Areca bakeri

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Areca (ah-REHK-ah)
bakeri (baker'-ee)
Photo by Dr. C.D.Heatubun, Seven new species of Areca (Arecaceae) in Phytotaxa 28. 2011.
Scientific Classification
Genus: Areca (ah-REHK-ah)
bakeri (baker'-ee)
None set.
Native Continent
Habit: Clustering & caespitose.
Leaf type: Pinnate
Survivability index
Common names

Habitat and Distribution

Borneo. Only known from very limited collections from Miri (4th) Division of
Photo by Dr. C.D.Heatubun, Seven new species of Areca (Arecaceae) in Phytotaxa 28. 2011.
Sarawak in northern Borneo and from a plant cultivated in Semengoh Forest Arboretum near Kuching. This species grows in primary mixed dipterocarp forest in river valleys at about 42 m above sea level. (C.D.Heatubun, Seven new species of Areca (Arecaceae) in Phytotaxa 28. 2011)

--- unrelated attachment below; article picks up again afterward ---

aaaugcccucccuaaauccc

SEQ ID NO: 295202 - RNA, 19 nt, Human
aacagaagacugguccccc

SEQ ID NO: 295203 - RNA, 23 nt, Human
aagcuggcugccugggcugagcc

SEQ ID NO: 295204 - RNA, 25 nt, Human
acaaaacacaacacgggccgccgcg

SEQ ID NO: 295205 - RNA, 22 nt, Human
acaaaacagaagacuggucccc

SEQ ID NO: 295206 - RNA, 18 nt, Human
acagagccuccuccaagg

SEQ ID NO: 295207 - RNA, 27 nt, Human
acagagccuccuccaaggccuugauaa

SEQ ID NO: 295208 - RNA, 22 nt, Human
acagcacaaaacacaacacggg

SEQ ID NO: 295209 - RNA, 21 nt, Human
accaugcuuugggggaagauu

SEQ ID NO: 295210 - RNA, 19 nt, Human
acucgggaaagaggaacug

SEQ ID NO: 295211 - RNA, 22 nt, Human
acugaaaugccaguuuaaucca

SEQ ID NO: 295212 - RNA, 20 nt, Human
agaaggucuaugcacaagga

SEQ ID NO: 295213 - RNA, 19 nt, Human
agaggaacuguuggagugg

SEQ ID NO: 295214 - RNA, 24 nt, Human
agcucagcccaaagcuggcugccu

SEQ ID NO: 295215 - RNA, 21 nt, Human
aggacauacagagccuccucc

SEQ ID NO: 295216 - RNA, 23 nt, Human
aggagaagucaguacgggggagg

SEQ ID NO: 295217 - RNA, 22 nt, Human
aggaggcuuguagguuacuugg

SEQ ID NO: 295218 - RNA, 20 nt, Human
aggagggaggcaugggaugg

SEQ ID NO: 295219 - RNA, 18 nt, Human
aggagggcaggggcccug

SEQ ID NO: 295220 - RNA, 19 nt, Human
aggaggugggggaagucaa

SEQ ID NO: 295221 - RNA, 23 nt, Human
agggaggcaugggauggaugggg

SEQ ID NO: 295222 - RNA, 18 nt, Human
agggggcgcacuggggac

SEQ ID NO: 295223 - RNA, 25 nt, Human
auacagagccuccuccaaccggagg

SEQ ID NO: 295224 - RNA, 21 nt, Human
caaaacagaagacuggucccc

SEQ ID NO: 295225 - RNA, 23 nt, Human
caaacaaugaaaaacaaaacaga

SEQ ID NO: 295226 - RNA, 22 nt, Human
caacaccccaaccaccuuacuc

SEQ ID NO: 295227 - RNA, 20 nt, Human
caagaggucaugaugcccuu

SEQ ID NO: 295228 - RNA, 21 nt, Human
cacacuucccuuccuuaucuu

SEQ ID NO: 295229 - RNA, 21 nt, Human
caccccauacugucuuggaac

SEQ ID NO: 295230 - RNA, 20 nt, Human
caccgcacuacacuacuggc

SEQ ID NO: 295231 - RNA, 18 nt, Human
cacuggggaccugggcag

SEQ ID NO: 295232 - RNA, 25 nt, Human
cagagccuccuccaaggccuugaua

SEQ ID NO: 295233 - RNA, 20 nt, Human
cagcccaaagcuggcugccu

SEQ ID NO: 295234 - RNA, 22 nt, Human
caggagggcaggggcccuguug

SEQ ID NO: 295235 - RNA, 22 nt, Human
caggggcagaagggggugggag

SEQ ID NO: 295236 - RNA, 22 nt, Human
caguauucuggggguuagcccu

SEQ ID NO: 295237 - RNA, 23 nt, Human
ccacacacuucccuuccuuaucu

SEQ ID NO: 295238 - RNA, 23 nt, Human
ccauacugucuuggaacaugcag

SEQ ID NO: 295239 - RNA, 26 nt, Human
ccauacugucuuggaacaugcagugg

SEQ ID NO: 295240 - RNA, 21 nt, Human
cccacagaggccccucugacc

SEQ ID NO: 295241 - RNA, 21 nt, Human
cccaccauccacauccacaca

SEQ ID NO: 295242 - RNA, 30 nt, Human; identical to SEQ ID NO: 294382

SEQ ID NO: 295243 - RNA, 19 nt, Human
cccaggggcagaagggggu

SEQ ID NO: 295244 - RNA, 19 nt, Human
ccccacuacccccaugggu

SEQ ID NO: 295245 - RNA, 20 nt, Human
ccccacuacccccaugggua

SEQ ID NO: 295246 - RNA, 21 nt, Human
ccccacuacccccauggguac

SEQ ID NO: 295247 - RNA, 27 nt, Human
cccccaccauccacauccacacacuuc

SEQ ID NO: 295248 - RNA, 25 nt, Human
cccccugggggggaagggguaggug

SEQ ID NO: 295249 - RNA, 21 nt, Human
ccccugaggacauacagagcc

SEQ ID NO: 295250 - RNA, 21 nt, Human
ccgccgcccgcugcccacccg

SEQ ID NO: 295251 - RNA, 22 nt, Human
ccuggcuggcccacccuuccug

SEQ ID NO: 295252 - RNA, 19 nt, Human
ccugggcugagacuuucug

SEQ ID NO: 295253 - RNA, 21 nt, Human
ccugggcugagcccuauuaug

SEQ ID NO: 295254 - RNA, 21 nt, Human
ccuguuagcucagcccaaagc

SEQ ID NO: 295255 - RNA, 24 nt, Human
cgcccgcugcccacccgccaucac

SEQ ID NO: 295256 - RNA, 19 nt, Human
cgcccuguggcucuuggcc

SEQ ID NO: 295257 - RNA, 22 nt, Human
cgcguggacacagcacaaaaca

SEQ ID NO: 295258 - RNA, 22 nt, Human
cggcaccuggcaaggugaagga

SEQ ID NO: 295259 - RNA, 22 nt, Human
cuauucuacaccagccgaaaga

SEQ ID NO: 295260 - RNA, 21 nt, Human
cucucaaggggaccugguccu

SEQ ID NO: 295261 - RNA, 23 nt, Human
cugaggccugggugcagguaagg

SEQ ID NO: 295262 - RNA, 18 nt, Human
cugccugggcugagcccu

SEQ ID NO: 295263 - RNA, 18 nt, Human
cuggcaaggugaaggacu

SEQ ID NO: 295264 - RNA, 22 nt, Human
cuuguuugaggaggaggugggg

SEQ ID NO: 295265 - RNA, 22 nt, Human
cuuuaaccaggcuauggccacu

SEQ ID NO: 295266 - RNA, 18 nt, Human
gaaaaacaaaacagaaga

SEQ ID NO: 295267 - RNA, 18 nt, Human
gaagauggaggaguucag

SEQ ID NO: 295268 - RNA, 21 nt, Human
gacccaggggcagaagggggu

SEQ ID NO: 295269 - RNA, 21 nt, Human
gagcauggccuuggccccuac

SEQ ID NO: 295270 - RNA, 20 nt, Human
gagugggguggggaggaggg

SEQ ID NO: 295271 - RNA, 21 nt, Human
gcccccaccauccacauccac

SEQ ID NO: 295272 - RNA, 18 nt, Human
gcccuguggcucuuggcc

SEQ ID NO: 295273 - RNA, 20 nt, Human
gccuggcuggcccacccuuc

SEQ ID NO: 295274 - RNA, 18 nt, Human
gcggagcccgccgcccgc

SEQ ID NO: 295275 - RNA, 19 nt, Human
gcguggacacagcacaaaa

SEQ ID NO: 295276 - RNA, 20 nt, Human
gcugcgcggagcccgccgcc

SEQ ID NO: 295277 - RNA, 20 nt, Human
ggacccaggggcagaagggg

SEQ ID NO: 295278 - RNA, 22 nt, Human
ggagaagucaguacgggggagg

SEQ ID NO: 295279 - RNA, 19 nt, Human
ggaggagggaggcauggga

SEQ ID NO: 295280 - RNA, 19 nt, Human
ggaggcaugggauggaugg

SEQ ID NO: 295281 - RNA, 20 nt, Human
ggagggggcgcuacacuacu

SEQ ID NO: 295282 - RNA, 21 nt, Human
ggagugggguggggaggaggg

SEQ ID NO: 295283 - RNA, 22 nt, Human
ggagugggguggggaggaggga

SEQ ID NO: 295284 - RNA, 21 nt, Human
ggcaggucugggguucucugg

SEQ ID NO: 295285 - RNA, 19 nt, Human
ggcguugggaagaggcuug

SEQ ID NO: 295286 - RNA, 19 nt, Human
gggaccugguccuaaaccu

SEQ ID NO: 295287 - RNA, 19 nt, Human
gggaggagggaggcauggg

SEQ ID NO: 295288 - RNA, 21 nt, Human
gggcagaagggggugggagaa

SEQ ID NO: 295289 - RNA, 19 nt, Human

Undergrowth palmlet densely clustering with about 20 stems in a clump to 1 m in height. Stem subterranean to very short (to 1 cm), about 2 cm in diam.; internodes very close (0.5-1 cm long), not conspicuous, covered by marcescent leaf sheaths. Leaves 4-6 in crown, litter trapping, pinnate, 140-200 cm long (excluding petiole); sheath tubular, 20-31 cm long and 3-4 cm wide, smooth, not fibrous, yellowish green; crown shaft not well defined, up to 40 cm long and up to 4 cm in diam.; petiole 100-105 cm long, channelled adaxially, rounded abaxially; rachis ascending but not arching, with adaxial longitudinal ridge, rounded abaxially; blade with slightly irregularly arranged leaflets, 7-8 leaflets on each side; basal leaflets about 52 × 6.4-14 cm, with 7-9 folds, sigmoid, the middle leaflets 57-59 × 4.5-10 cm, with 5-9 folds, slightly sigmoid and the terminal leaflets about 42 × 11 cm, with up to 11 folds, slightly sigmoid, tips pointed except for the terminal leaflets slightly oblique-lobed, papery, discolorous, darker adaxially than abaxially. Inflorescence infrafoliar, erect, bursting out among marcescent sheaths, 20-26 cm long and 4.5-12.5 cm wide, protandrous, branching to 1 order; prophyll elongated, up to 26 cm long, about 3 cm wide, two-keeled, leathery, cream, light green near the apex; peduncle 6-10 cm long, pale yellowish green; rachis yellowish green; rachis bracts caducous; rachillae 11-13, 8.5-14 cm long and 3.5-5.6 mm wide, very stiff, stout and straight, slightly swollen and flattened near the base, pale green, elongate. Floral clusters distichous on rachillae, only one complete triad including female flower occurring at the base of each rachilla. Staminate flowers small, sessile, triangular, about 6.2 × 3.1 mm, asymmetric; sepals 3, low; petals 3, triangular, small, striate; stamens 6, small, anthers shorter than the filaments; filaments slender, elongate; pistillode about 2.5 × 1.0 mm, pointed. Pistillate flowers larger than the staminate, triangular, borne on the enlarged basal portion of rachillae, only one flower on each rachillae, buds varying greatly in size depending on stage of development, about 17 mm long and 8 mm wide in late anthesis; sepals 3, strongly imbricate, about 7 × 7 mm, triangular, asymmetrical, striate; petals 3, imbricate, triangular, about 12.5 × 6.5 mm, striate; gynoecium about 10.5 mm long and 4 mm wide at the base; stigma about 8 mm long, pointed with 3 lobes, split 8 mm to the base; style about 1.5 mm long; staminodes about 6, irregularly dentiform, 0.5-1 × 0.25-0.5 mm. Fruits elongate, sickle-shaped, 6.0-6.5 × 1.3-1.45 cm (young fruits), beak 1.4-1.5 mm; epicarp smooth, shiny, dark green (young), mature fruits not known. Seed very young; endosperm sparsely ruminate. (C.D.Heatubun, Seven new species of Areca (Arecaceae) in Phytotaxa 28. 2011)/Palmweb. Editing by edric.